verb (used with object)
Origin of habit1
Synonyms for habit
verb (used with object)
verb (used without object)
Origin of habit2
Examples from the Web for habit
Contemporary Examples of habit
Hollywood has developed a habit of relying on what worked best in the past, and 300 was hugely successful.Meet Moses the Swashbuckling Israelite
December 14, 2014
We still retain the 27 November habit, through sheer gluttony more than anything else.Confessions of a Turkey Killer
November 26, 2014
Texas governors have a habit of running for president: Just ask Perry or former president George W. Bush.The Most Interesting Place to Be Tonight
November 4, 2014
Those who dream of a post-partisan future should note that paranoia has a habit of erasing traditional political boundaries.From ISIS to Ebola, What Has Made Naomi Wolf So Paranoid?
October 11, 2014
Prince has a habit of shedding protégés almost as quickly as he picks them up.Prince Returns From the Wilderness and, Thankfully, Is as Restless as Ever
October 1, 2014
Historical Examples of habit
In you I was sure of a mind strong enough to break the fetters of habit.Philothea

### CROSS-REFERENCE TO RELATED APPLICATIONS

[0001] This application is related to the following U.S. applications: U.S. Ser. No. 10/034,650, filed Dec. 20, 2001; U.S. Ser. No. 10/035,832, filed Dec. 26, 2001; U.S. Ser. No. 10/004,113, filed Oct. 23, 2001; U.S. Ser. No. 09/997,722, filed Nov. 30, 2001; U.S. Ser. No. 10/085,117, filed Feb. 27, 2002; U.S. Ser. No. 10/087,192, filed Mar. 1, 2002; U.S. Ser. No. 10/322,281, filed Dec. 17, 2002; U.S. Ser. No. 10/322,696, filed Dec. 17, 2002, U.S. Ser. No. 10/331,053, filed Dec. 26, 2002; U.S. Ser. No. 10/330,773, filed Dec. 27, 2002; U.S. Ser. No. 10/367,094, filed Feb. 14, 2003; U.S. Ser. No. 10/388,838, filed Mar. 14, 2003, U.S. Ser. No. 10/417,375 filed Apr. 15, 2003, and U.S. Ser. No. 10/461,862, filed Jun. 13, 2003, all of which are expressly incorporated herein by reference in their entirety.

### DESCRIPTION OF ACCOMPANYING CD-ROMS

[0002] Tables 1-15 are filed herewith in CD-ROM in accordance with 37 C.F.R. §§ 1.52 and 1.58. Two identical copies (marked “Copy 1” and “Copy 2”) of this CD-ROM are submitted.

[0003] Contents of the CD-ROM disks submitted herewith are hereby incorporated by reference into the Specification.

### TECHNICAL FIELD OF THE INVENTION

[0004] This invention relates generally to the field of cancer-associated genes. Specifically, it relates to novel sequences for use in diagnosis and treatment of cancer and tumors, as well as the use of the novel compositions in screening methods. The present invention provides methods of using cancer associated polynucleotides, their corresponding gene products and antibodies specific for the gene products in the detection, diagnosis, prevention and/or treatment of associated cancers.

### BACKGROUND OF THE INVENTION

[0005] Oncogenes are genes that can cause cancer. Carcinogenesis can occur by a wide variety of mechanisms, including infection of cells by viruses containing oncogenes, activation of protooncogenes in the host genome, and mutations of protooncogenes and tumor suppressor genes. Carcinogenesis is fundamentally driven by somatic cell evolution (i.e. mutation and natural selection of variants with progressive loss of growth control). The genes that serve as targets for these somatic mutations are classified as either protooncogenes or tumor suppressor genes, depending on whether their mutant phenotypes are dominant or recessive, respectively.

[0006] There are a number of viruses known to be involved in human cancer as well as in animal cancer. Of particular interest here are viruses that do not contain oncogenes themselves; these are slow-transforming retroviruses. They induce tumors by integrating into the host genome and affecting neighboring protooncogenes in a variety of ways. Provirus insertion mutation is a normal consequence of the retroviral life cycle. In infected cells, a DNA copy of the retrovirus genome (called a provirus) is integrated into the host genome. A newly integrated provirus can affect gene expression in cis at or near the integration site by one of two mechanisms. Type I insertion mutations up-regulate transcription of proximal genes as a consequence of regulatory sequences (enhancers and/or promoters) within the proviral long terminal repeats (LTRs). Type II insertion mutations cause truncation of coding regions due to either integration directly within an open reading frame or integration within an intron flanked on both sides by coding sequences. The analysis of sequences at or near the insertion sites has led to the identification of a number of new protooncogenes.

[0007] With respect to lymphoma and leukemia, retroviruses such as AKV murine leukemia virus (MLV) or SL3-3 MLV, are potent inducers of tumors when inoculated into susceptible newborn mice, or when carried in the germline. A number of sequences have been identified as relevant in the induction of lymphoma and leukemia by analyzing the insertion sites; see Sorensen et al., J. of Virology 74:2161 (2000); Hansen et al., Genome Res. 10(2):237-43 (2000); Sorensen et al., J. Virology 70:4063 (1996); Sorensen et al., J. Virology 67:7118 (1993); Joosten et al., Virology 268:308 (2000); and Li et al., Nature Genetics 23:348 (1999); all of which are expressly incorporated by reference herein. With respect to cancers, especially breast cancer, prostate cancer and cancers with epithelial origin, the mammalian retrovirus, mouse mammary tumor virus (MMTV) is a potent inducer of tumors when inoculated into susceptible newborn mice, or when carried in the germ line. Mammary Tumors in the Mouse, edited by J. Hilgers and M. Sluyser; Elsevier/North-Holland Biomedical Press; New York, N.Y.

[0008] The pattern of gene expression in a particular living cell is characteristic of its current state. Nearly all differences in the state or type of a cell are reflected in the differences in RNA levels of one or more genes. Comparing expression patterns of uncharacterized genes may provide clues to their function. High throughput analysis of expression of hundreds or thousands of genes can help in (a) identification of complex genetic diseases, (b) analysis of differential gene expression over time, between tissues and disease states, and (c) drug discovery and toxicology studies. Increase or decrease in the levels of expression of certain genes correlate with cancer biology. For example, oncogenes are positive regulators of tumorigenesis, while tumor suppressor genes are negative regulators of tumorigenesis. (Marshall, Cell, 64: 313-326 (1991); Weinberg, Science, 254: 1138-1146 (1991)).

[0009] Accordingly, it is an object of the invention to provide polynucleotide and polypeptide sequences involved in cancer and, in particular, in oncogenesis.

Lydia Maria Child
It was his habit to affect that he constantly forgot his mother's name.The Spenders
Harry Leon Wilson
She was not a woman in the habit of reasoning, and had no conception of the difficulties in his way.
I am in the habit of boarding at a quiet house kept by a widow.
At first you kept on wondering what the joke was, till you saw it was only a habit Sarah had.Life and Death of Harriett Frean
- a practice or substance to which a person is addicteddrink has become a habit with him
- the state of being dependent on something, esp a drug
Word Origin for habit
early 13c., "characteristic attire of a religious or clerical order," from Old French habit, abit (12c.) "clothing, (ecclesiastical) habit; conduct," from Latin habitus "condition, demeanor, appearance, dress," originally past participle of habere "to have, to hold, possess," from PIE root *ghabh- "to seize, take, hold, have, give, receive" (cf. Sanskrit gabhasti- "hand, forearm;" Old Irish gaibim "I take, hold, I have," gabal "act of taking;" Lithuanian gabana "armful," gabenti "to remove;" Gothic gabei "riches;" Old English giefan, Old Norse gefa "to give").
Base sense probably "to hold," which can be either in offering or in taking. Applied in Latin to both inner and outer states of being, and taken over in both sense by English, though meaning of "dress" is now restricted to monks and nuns. Meaning "customary practice" is early 14c. Drug sense is from 1887.
mid-14c., "to dwell," from Old French habiter "to dwell, inhabit; have dealings with," from Latin habitare "to live, dwell," frequentative of habere "to have, to hold, possess" (see habit (n.)). Meaning "to dress" is from 1580s; "to habituate" from 1610s; "to make a habit of" from 1660s. Related: Habited; habiting.
see kick a habit.